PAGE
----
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MLB owners reportedly propose a salary floor, but there’s a big catch

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Owners want the luxury tax threshold to be waaay lower.

Boston Red Sox v Chicago White Sox Photo by Jonathan Daniel/Getty Images

The current Collective Bargaining Agreement between owners and players expires on December 1, so the two sides held their first face-to-face meeting this week. According to a report by Evan Drellich and Ken Rosenthal at The Athletic, owners proposed a salary floor requiring each team to spend at least $100 million on players. In exchange for the floor, owners would want to lower the luxury tax threshold to $180 million - down from the current $210 million threshold.

The owner’s proposal would tax payroll over the threshold at a rate of 25 percent, with higher tax rates for higher payrolls. Currently, teams are taxed beginning at a rate of 20 percent. The money collected would be used to help teams reach the salary floor. According to Cot’s Contracts, seven teams are under the proposed $100 million payroll number, including the Royals. It is unclear what would happen if teams fail to meet the salary floor - perhaps they would be deprived of revenue-sharing money.

A salary floor would at first glance seem to be a positive for the union, as several teams have drastically cut payroll in rebuilding efforts, with some clubs like the Pirates and Rays perennially fielding payrolls less than half of the proposed $100 million salary floor. But the owners aren’t offering this out of the goodness of the heart - they really want to lower that luxury tax threshold.

MLB revenues have tripled from 2001 to 2019, although the pandemic has caused a major reduction the last two years. Players are pushing for the luxury tax threshold to continue to go up, while The Athletic report notes that owners have alternatively offered the status quo, with the luxury tax threshold unchanged and no floor. The luxury tax threshold has drawn the ire of the union in recent years as teams have effectively treated it as a soft salary cap, with few teams willing to go over.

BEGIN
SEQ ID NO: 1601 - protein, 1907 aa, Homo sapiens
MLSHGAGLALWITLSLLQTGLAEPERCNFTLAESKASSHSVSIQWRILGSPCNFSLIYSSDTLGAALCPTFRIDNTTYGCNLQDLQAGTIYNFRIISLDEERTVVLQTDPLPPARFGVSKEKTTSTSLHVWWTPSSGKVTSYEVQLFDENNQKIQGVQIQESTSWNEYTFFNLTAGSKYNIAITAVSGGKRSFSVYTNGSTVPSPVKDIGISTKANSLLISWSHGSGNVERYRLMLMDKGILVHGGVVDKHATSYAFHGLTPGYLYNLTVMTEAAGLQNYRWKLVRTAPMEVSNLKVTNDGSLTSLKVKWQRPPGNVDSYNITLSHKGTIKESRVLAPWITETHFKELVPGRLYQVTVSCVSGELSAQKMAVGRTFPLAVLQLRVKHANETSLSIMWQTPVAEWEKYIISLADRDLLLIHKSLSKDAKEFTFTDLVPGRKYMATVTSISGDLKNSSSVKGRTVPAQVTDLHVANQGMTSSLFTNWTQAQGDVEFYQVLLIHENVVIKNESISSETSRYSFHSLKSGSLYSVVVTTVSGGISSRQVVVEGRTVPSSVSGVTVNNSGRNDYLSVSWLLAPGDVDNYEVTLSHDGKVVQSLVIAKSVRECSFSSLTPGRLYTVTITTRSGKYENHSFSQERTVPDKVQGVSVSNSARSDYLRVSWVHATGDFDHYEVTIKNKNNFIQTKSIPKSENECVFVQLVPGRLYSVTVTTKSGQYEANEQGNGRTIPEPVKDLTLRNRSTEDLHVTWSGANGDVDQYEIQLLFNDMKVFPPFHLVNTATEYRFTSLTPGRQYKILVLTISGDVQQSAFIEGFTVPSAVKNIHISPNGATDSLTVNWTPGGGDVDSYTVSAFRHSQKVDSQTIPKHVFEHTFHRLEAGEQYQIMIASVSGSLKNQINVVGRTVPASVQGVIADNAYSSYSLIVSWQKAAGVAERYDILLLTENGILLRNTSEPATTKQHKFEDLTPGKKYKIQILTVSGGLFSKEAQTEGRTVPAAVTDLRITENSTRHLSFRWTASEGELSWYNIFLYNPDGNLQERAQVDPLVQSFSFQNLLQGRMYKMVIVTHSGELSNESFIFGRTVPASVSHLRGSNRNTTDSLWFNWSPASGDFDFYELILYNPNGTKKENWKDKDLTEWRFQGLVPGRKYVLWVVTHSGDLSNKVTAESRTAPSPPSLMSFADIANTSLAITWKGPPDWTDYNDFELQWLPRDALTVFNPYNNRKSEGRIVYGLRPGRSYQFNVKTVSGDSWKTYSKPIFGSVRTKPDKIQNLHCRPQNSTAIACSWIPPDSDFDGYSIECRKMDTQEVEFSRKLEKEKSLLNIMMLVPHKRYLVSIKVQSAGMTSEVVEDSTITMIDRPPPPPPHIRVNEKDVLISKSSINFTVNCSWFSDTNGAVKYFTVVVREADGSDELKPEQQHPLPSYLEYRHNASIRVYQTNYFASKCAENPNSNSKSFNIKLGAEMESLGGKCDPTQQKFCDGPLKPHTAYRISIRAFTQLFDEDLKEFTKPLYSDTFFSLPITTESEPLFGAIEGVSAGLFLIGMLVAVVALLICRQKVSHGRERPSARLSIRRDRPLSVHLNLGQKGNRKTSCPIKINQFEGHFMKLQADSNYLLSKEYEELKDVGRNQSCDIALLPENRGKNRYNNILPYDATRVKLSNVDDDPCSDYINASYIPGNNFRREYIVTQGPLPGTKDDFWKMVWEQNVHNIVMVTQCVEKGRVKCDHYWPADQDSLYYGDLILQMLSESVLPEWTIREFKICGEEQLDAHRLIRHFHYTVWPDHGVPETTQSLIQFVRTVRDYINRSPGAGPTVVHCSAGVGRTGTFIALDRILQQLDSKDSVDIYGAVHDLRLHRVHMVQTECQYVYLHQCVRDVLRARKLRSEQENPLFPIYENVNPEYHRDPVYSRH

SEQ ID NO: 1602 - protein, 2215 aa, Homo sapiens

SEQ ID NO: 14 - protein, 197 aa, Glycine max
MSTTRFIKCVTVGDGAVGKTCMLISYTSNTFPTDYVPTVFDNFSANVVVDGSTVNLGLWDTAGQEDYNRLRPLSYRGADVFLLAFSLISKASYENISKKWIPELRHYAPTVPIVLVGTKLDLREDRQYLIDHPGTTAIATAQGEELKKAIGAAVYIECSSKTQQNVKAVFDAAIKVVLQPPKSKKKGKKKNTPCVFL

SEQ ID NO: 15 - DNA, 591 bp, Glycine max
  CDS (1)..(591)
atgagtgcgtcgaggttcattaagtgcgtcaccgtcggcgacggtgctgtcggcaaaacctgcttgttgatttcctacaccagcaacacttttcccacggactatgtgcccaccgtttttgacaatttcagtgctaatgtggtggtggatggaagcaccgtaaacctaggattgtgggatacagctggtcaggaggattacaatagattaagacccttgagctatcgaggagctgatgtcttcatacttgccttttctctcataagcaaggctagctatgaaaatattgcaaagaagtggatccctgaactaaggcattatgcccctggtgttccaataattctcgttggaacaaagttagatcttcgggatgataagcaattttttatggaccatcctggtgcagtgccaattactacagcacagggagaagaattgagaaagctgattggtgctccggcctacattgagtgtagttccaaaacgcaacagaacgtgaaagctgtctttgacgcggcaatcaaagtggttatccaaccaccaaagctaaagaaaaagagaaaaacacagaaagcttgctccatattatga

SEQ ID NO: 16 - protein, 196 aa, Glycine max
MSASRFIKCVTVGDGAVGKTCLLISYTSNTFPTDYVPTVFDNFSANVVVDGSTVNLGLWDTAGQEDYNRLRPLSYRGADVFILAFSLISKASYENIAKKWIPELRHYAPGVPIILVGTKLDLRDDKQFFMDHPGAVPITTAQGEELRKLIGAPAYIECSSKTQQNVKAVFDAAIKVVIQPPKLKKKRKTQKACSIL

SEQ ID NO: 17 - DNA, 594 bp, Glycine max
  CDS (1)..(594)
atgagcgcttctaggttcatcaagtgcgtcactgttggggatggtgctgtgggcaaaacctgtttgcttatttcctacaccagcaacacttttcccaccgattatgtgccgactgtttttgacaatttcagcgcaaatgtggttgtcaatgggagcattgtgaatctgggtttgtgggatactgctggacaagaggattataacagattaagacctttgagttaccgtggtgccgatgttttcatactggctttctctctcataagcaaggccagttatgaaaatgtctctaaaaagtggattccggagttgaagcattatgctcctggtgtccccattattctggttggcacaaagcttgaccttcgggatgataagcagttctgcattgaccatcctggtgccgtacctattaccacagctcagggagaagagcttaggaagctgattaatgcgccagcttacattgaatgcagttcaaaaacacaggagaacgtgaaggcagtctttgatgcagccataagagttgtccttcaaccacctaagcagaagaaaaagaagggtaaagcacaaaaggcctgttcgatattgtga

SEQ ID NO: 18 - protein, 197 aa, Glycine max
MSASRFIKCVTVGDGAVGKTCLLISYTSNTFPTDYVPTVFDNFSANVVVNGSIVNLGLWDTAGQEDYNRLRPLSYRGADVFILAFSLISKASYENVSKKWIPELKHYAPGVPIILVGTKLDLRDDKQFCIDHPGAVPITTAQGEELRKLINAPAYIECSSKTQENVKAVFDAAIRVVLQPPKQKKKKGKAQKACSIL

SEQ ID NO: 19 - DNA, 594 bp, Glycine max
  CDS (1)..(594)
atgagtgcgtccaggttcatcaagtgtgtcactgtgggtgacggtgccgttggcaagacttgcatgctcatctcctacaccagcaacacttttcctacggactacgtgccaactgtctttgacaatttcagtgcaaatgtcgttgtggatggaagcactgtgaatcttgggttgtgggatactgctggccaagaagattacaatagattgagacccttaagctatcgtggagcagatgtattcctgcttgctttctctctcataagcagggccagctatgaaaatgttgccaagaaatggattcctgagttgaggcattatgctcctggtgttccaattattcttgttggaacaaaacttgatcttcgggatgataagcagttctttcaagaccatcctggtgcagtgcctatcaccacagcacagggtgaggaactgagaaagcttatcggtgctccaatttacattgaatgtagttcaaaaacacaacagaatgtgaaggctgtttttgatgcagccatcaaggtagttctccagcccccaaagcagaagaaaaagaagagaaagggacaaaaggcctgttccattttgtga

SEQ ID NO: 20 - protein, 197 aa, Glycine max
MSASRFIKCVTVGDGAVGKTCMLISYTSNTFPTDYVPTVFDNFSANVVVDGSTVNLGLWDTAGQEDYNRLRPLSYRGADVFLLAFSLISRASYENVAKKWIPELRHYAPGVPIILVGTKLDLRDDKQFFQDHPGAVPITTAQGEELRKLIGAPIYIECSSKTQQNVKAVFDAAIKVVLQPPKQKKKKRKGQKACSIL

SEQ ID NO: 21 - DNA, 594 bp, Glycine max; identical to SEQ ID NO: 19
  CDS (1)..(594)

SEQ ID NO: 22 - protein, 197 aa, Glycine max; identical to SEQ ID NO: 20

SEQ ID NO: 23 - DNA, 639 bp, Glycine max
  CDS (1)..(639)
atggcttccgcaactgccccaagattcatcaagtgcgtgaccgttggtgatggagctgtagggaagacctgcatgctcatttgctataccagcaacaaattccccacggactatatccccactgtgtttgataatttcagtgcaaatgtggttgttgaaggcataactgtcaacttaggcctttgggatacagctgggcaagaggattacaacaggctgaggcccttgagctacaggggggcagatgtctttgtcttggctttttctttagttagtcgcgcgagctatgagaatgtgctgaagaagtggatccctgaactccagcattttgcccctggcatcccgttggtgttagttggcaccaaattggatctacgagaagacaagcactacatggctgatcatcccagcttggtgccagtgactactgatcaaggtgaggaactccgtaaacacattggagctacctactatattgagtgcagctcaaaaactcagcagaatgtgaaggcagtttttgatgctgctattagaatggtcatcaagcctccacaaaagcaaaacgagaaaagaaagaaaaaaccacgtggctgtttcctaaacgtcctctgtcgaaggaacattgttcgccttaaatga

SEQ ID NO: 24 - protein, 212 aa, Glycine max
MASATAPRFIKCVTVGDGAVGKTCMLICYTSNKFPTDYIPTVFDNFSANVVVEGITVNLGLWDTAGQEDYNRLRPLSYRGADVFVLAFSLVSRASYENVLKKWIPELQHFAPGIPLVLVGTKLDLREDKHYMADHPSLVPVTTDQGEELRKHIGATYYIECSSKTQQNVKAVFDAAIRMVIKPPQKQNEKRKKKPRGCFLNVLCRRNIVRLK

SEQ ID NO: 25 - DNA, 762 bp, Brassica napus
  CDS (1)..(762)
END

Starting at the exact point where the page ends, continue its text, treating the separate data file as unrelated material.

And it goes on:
So lowering the threshold by nearly 15 percent is going to be a non-starter with the union. And owners know that. A cynical take is that this proposal is leaked to make it seem like the owners are giving something up - a salary floor - when in fact they get back so much more in a lower luxury tax threshold. And a salary floor appeals to fans and writers as being “good for the game” in response to teams tanking. Owners have always been much better at handling the public relations aspect of labor negotiations than players.

Still, there is effectively a soft salary cap so perhaps it would make sense for the union to negotiate a floor to go along with it. This opening salvo from the owners is a lowball number that the union can haggle with, but in my opinion, the players could stand to benefit greatly from a salary floor so long as the top-end luxury tax threshold isn’t lowered to the point of wiping out gains. The problem the last few off-seasons is that free agency has dried up with few bidders for player services. Requiring all teams to spend money will create more of a market and drive up salaries - even if the top teams can’t spend quite as much.

It won’t necessarily end the practice of “tanking.” Teams could still reach the salary floor by taking on bad contracts from other clubs. But that simply provides them with more value - much like salary cap room in the NBA. A rebuilding team could take on a bad contract to reach the floor, but also receive a top prospect for the trouble. Or they could be more interested in free agents in the hopes of trading them at the deadline.

But there would have to be a lot of details worked out. Where does the $100 million number come from, and will it go up as revenues increase? Will this number eventually be pegged to revenues, and if so, what constitutes revenues? Teams can more creatively hide revenues with their regional sports networks and ballpark area real estate developments. Additionally, the floor being proposed here is much lower than that of other sports. The NBA requires teams to spend 90 percent of what the top teams spend. The NFL salary floor is around 80 percent of the cap. This proposed baseball floor would be 56 percent of the threshold. This, plus revenue sharing is what creates parity in payrolls in those sports. Baseball still wouldn’t have that under this proposal.

Tensions between the two sides haven’t been this high since the last work stoppage in 1994-95. Both sides are still simmering over differences stemming from how salaries were handled during the pandemic. But at the very least, it’s good that the two sides are talking.